Physical Address

304 North Cardinal St.
Dorchester Center, MA 02124

DNA Damage Caused by Sweetener Chemical

Sucralose, which is commonly marketed as Splenda®, is an extensively utilized artificial sweetener. When selecting from a range of artificial sweeteners for your morning coffee, it may be worth reconsidering the yellow packets. This well-known sugar substitute, sold under the brand name Splenda, is approximately 600 times sweeter than regular table sugar. Following the World Health Organization’s declaration regarding the potential carcinogenic nature of aspartame, a recent study conducted by researchers at North Carolina State University has revealed that during digestion, sucralose can produce a chemical called sucralose-6-acetate, which possesses genotoxic properties that can damage DNA. DNA Damage Caused by Sweetener Chemical.

However, recent research has raised concerns regarding its potential health risks. Sucralose, a popular sweetener, has the potential to disrupt your system once it is broken down by your body. This means that a smaller amount is required to achieve the same level of sweetness. Additionally, the study discovered that both sucralose and sucralose-6-acetate can contribute to increased intestinal permeability, commonly referred to as “leaky gut,” allowing substances to enter the bloodstream. DNA Damage Caused by Sweetener Chemical.

Unfavorable Consequences of Sweetener Chemical on DNA Integrity

Studies have indicated that a chemical compound called sucralose-6-acetate, generated during the digestion of sucralose, exhibits genotoxic properties that can result in DNA damage. According to a 2023 article in the Journal of Toxicology and Environmental Health, sucralose-6-acetate is produced by the gut after consuming food or beverages containing sucralose.

DNA Damage Caused by Sweetener Chemical

In a recent study, researchers conducted in vitro experiments by exposing human blood cells to sucralose-6-acetate (S6A), a structural analog of sucralose. Susan Schiffman, the corresponding author of the study, emphasizes that even trace amounts of sucralose-6-acetate in a single daily drink sweetened with sucralose can exceed the European Food Safety Authority’s threshold for toxicological concern regarding genotoxic substances.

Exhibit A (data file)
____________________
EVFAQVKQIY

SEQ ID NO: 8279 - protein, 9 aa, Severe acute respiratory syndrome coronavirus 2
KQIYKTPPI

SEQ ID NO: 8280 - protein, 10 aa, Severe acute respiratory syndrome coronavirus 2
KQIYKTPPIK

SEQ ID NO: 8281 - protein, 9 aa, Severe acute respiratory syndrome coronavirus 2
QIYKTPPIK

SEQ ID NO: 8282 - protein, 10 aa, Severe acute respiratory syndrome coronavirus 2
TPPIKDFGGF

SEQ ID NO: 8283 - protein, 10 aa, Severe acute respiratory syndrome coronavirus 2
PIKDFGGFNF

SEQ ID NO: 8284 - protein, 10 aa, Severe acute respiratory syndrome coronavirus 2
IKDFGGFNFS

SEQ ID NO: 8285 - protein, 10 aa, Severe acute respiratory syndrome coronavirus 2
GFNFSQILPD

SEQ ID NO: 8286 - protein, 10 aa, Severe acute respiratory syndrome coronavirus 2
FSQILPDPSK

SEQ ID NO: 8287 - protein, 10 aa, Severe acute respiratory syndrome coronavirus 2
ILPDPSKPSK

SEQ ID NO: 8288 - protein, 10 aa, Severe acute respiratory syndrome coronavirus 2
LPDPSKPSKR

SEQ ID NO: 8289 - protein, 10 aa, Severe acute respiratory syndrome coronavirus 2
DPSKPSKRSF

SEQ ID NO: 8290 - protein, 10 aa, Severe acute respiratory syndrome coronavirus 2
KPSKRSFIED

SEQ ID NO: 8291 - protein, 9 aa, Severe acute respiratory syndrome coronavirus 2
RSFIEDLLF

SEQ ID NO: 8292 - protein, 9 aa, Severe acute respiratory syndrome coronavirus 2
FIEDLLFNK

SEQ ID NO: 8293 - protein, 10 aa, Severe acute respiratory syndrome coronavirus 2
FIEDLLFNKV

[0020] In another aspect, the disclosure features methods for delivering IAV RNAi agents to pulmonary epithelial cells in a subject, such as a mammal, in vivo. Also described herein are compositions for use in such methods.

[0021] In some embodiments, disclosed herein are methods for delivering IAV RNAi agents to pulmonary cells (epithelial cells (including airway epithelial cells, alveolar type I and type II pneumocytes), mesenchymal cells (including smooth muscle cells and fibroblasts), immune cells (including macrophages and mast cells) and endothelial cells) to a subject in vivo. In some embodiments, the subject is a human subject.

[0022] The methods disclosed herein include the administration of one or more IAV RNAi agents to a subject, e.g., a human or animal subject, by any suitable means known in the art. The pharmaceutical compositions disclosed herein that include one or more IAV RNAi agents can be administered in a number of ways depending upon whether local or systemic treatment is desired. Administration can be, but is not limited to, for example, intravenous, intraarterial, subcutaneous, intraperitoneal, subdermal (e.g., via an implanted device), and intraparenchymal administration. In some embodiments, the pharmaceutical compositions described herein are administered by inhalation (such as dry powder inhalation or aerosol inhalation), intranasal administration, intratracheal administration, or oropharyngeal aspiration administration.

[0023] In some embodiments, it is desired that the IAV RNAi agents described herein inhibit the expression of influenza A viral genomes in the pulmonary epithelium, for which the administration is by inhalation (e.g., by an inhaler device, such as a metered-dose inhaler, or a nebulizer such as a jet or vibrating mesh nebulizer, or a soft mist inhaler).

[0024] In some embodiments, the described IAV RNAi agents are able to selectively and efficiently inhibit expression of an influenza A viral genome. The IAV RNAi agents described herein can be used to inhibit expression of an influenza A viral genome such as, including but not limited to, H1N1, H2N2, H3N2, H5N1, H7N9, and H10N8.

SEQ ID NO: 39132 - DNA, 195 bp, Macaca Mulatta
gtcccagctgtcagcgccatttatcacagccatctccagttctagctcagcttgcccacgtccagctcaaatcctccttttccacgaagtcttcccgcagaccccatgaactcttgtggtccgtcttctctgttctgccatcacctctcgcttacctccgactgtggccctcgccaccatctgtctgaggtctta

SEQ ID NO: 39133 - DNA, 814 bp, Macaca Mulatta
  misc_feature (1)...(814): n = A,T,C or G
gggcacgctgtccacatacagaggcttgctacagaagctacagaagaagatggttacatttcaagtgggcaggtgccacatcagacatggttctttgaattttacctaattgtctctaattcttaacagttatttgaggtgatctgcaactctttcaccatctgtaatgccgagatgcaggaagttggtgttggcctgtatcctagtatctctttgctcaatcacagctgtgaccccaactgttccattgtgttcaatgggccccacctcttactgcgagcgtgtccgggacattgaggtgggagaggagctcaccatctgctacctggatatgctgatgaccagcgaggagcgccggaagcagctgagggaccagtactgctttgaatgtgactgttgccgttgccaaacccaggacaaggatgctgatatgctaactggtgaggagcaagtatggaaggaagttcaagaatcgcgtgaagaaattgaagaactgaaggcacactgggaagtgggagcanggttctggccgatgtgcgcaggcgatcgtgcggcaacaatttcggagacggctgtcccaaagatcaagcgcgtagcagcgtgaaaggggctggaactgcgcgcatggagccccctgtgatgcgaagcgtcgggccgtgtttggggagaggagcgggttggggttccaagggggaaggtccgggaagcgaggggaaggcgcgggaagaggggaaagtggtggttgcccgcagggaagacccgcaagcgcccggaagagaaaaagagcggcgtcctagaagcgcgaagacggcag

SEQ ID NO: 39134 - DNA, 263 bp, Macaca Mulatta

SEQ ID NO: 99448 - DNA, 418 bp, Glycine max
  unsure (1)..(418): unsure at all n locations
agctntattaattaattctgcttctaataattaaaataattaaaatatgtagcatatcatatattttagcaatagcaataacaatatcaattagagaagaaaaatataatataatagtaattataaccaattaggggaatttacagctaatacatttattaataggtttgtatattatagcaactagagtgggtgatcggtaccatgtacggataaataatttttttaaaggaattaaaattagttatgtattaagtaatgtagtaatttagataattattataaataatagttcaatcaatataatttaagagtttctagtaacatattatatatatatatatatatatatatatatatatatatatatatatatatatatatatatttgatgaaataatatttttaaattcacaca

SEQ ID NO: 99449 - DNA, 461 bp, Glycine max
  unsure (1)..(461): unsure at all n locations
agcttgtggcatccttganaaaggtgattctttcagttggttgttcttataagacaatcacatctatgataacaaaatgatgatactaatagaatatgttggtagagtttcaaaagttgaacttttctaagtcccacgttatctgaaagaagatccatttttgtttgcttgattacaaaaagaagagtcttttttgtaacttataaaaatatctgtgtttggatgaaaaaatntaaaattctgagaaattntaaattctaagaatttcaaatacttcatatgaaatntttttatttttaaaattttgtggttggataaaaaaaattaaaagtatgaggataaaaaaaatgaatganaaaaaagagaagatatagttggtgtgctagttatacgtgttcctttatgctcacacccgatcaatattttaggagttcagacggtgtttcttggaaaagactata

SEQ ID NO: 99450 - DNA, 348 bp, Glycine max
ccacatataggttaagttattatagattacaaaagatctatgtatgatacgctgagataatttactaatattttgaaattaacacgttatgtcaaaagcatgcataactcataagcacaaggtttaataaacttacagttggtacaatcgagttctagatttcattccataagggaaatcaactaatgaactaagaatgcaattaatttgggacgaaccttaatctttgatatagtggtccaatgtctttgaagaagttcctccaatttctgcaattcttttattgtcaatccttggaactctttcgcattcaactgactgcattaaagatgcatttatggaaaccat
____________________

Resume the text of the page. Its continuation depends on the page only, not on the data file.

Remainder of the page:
Detrimental Effects of Sweetener Chemical on DNA Integrity

Furthermore, trace amounts of sucralose-6-acetate are also present in sucralose itself, even before consumption. When the researchers exposed sucralose-6-acetate to human blood cells, it caused DNA fragmentation, indicating its genotoxic nature. The cells showed signs of DNA damage upon exposure, further supporting its genotoxicity.

Additionally, the study highlights that the amount of sucralose-6-acetate produced as metabolites after consuming sucralose is not taken into consideration. This article explores the findings of these studies and sheds light on the potential adverse health effects associated with sucralose and its metabolites. The study also exposed human gut cells to sucralose-6-acetate, resulting in the disruption of intercellular connections in the gut lining.

Harmful Influence of Chemical in Sweetener on DNA Structure

The findings, published in the Journal of Toxicology and Environmental Health, Part B, also reported that sucralose-6-acetate can impair the integrity of the intestinal barrier, leading to a condition known as “leaky gut.” In light of the mounting evidence regarding potential risks associated with sucralose, Schiffman emphasizes the necessity of reassessing its safety and regulatory status. In another study conducted by researchers, blood cells were subjected to sucralose-6-acetate in vitro, and markers of genotoxicity were monitored.

This disruption of the gut lining could render it more permeable, potentially leading to “leaky gut.” Shortly after the study was published, Splenda clarified that their sweeteners utilize sucralose and do not contain the chemical compound S6A. The sucralose-6-acetate compound also increased the expression of genes related to inflammation, oxidative stress, and cancer in gut cells.

Leave a Reply

Your email address will not be published. Required fields are marked *